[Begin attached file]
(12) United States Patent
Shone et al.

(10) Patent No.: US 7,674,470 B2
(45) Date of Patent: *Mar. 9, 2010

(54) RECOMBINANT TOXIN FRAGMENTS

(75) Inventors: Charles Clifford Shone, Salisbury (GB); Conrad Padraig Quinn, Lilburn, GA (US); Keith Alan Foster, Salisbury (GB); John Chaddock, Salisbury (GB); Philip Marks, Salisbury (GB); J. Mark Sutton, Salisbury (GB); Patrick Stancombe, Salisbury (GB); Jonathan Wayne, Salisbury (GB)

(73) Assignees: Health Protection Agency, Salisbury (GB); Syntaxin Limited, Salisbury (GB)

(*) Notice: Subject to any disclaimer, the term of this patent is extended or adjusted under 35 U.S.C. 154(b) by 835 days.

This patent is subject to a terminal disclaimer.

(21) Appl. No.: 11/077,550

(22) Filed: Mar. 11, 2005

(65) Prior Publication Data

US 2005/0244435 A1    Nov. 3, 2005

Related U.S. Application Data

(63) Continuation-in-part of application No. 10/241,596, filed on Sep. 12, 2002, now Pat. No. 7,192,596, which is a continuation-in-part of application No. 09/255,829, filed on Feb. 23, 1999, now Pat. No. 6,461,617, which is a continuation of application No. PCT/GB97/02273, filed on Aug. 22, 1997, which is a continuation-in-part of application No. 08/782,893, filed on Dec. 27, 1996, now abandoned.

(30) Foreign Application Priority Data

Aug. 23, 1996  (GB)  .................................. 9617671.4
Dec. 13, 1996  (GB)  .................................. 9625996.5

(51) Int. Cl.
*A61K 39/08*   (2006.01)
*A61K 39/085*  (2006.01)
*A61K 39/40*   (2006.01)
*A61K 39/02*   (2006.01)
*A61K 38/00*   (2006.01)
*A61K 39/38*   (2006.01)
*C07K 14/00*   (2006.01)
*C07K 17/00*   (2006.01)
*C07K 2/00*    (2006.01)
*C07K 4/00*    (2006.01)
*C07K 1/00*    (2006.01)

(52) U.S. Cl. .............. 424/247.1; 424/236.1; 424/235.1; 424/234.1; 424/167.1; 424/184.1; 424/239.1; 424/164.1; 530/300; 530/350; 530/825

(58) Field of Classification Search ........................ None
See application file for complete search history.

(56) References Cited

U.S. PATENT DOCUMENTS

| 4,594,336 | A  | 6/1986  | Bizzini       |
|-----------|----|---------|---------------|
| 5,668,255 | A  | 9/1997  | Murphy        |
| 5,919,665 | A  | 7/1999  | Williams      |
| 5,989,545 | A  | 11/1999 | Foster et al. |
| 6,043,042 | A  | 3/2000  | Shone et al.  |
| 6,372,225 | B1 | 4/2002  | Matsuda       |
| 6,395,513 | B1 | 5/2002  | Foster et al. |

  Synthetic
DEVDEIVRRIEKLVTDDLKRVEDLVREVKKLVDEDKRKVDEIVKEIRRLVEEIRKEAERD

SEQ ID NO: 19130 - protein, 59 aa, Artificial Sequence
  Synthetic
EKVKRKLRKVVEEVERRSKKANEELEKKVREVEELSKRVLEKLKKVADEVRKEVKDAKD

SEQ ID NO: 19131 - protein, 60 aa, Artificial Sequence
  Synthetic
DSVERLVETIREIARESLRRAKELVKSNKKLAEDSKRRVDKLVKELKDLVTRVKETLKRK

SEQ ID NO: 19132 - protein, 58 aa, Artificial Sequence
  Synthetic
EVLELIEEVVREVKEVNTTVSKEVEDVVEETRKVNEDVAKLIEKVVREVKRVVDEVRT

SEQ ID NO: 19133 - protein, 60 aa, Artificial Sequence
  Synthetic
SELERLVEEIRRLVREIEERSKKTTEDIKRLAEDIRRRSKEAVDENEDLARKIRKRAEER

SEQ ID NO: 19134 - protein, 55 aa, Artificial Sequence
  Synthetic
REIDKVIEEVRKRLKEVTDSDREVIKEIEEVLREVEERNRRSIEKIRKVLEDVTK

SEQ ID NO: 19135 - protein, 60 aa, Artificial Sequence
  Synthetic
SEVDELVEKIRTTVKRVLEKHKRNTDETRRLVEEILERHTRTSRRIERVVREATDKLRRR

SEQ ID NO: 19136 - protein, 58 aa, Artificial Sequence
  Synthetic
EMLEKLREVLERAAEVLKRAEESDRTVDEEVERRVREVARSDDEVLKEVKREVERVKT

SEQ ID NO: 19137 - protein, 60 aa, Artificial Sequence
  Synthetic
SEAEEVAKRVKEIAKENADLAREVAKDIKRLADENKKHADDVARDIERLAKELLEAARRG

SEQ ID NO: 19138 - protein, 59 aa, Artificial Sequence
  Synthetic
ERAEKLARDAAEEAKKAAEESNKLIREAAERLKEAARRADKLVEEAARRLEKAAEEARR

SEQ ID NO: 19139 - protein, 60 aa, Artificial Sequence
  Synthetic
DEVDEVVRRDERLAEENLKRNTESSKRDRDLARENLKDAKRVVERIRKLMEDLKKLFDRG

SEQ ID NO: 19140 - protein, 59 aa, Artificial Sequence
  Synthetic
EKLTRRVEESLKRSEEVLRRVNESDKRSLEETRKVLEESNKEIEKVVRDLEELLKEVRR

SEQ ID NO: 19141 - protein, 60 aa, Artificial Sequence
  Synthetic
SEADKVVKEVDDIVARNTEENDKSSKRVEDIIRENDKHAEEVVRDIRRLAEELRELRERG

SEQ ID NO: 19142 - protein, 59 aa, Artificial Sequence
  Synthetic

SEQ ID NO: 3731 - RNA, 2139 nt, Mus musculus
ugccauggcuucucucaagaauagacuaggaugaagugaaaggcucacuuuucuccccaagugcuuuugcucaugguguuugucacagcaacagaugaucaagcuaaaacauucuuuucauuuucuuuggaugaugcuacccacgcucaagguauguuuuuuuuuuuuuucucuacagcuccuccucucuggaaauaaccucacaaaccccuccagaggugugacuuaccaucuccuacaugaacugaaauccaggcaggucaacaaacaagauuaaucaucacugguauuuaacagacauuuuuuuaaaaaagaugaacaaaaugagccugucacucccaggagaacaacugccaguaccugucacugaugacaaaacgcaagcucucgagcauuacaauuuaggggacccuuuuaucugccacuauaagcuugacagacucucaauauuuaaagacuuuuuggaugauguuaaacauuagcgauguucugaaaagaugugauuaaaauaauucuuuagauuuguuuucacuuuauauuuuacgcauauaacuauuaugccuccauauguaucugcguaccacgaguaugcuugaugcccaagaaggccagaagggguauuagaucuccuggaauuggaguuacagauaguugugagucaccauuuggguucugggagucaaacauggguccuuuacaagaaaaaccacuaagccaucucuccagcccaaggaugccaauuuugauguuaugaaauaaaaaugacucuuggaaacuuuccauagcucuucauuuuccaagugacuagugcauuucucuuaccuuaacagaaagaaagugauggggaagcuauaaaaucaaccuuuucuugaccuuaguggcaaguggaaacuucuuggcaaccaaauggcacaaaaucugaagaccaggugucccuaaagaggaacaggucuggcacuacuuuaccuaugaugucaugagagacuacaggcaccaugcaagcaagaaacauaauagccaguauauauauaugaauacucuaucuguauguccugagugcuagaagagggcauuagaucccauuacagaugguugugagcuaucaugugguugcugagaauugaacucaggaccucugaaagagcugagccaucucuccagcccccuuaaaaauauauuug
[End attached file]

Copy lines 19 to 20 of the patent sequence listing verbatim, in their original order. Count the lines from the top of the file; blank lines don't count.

(51) Int. Cl.
*A61K 39/08*   (2006.01)